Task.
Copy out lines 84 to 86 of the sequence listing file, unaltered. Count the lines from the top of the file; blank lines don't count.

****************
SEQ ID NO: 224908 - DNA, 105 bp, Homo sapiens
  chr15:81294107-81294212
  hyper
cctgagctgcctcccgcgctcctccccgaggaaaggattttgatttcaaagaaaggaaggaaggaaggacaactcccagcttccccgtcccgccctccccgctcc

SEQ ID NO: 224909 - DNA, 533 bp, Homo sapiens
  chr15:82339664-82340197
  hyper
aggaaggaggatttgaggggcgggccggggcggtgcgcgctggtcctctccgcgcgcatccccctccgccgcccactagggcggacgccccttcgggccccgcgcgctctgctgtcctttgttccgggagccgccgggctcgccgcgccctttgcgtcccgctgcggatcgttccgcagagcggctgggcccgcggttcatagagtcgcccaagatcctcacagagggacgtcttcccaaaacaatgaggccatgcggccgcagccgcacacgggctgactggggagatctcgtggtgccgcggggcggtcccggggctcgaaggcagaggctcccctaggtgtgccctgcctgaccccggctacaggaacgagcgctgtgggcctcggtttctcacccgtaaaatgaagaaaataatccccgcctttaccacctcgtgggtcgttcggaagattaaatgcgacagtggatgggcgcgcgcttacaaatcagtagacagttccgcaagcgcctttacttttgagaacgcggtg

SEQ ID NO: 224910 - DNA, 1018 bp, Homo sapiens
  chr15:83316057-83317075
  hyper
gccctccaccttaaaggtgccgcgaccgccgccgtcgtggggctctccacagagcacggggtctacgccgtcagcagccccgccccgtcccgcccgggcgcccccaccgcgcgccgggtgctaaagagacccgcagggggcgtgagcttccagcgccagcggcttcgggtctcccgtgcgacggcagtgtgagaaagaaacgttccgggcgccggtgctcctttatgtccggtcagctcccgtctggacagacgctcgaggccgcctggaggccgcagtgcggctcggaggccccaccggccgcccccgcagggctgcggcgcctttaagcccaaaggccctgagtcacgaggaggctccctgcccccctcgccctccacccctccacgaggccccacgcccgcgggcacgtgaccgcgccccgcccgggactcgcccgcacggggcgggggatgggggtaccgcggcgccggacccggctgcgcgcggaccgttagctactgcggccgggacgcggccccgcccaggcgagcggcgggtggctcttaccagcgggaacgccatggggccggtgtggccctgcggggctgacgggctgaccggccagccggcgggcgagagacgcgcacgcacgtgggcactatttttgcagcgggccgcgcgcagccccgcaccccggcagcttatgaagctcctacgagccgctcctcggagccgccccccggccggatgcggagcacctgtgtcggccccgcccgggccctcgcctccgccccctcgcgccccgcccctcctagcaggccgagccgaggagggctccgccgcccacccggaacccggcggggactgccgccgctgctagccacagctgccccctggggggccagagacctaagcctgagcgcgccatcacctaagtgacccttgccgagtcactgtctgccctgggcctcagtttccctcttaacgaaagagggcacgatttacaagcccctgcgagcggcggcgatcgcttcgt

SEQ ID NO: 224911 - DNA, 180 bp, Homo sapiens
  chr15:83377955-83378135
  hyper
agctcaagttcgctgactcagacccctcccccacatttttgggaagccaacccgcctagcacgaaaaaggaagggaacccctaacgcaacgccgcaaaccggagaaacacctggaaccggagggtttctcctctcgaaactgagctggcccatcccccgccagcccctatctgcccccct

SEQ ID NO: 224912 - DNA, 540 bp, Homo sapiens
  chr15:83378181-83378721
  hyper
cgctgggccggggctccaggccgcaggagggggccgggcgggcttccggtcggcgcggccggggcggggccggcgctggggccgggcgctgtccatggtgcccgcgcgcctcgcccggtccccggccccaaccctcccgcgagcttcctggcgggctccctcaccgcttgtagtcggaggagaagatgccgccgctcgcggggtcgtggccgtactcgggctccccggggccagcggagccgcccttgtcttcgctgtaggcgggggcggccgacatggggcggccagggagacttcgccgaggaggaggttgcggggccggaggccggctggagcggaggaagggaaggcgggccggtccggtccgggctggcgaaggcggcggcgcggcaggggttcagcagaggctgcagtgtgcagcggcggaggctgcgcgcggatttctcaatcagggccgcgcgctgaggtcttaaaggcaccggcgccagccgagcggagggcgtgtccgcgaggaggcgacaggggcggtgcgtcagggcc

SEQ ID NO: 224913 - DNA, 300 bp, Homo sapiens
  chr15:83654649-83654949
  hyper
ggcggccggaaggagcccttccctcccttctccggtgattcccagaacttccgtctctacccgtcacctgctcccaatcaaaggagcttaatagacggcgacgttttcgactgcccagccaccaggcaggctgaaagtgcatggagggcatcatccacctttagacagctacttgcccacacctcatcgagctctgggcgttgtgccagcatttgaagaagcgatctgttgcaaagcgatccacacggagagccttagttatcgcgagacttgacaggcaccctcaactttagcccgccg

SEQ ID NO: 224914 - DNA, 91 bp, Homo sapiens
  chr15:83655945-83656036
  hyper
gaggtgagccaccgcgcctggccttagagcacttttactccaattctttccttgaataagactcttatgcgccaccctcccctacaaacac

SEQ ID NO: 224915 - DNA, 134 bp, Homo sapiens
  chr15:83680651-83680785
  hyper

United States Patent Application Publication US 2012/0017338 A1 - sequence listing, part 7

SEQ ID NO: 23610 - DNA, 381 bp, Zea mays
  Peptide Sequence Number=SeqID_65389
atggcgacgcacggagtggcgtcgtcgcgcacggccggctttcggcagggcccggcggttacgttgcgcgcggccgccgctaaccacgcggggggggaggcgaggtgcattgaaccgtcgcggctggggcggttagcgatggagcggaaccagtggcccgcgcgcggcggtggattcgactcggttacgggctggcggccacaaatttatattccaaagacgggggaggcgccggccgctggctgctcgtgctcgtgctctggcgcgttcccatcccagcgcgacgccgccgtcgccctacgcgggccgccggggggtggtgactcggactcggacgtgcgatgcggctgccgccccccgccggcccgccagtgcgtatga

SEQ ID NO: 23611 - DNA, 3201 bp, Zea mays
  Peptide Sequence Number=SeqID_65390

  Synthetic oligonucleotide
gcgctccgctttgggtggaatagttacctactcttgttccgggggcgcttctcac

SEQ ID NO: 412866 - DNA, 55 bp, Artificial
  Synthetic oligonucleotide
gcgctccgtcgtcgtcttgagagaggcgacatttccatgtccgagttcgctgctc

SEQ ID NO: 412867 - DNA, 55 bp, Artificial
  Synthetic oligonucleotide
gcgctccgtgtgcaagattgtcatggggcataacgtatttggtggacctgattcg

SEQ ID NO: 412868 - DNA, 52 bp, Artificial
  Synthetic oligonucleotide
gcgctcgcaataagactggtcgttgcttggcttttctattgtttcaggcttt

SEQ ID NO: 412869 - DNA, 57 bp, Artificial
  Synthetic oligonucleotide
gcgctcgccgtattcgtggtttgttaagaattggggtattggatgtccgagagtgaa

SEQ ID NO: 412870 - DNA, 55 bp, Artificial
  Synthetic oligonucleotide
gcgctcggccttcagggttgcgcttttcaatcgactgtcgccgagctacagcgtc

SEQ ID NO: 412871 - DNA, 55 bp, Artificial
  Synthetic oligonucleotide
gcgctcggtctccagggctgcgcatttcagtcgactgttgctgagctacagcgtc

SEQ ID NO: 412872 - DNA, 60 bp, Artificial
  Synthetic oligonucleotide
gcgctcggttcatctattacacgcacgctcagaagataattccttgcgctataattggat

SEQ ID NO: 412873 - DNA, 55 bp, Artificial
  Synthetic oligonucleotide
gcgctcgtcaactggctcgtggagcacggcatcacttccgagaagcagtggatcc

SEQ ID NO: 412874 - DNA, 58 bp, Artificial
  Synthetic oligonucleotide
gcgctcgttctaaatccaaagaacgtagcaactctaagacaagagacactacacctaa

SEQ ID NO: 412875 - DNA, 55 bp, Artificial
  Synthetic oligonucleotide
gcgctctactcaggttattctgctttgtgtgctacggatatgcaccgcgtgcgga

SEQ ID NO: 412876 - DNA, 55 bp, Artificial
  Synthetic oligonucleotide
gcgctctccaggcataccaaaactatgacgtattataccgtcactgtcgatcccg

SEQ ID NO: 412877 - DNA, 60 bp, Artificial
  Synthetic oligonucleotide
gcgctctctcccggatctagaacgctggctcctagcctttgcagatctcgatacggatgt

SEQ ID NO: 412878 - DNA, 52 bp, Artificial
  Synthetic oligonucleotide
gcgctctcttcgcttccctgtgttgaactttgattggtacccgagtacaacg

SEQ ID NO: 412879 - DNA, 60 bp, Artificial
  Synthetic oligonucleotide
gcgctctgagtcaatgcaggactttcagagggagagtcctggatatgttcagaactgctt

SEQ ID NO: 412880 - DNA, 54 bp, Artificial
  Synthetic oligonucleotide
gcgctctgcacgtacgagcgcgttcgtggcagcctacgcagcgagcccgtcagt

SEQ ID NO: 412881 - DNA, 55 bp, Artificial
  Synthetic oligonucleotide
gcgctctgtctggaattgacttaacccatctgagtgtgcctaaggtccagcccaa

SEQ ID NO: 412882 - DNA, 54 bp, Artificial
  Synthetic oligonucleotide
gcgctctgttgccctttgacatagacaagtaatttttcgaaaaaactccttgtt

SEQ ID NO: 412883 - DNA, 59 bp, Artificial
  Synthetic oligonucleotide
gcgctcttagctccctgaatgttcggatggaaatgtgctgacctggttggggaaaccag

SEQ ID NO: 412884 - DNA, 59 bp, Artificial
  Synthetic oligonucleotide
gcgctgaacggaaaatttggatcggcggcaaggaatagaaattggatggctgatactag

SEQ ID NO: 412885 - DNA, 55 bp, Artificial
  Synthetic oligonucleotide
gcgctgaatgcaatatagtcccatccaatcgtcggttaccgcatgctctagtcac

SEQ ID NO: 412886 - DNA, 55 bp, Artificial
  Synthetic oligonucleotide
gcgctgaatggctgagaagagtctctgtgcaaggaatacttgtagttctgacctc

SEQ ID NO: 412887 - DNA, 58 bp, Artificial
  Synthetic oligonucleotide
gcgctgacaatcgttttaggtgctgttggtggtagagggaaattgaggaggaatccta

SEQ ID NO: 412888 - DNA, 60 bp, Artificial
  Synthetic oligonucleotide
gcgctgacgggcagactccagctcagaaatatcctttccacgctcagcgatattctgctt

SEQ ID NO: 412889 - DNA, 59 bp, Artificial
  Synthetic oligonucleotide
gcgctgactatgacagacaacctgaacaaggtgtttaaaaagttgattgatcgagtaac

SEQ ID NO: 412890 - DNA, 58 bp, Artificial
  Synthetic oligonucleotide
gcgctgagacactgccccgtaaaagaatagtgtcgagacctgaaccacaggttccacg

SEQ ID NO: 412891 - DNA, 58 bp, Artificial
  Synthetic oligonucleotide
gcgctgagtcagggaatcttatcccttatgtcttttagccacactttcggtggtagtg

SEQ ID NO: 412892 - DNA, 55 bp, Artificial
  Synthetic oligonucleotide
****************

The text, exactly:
gcgctctgcacgtacgagcgcgttcgtggcagcctacgcagcgagcccgtcagt

SEQ ID NO: 412881 - DNA, 55 bp, Artificial
  Synthetic oligonucleotide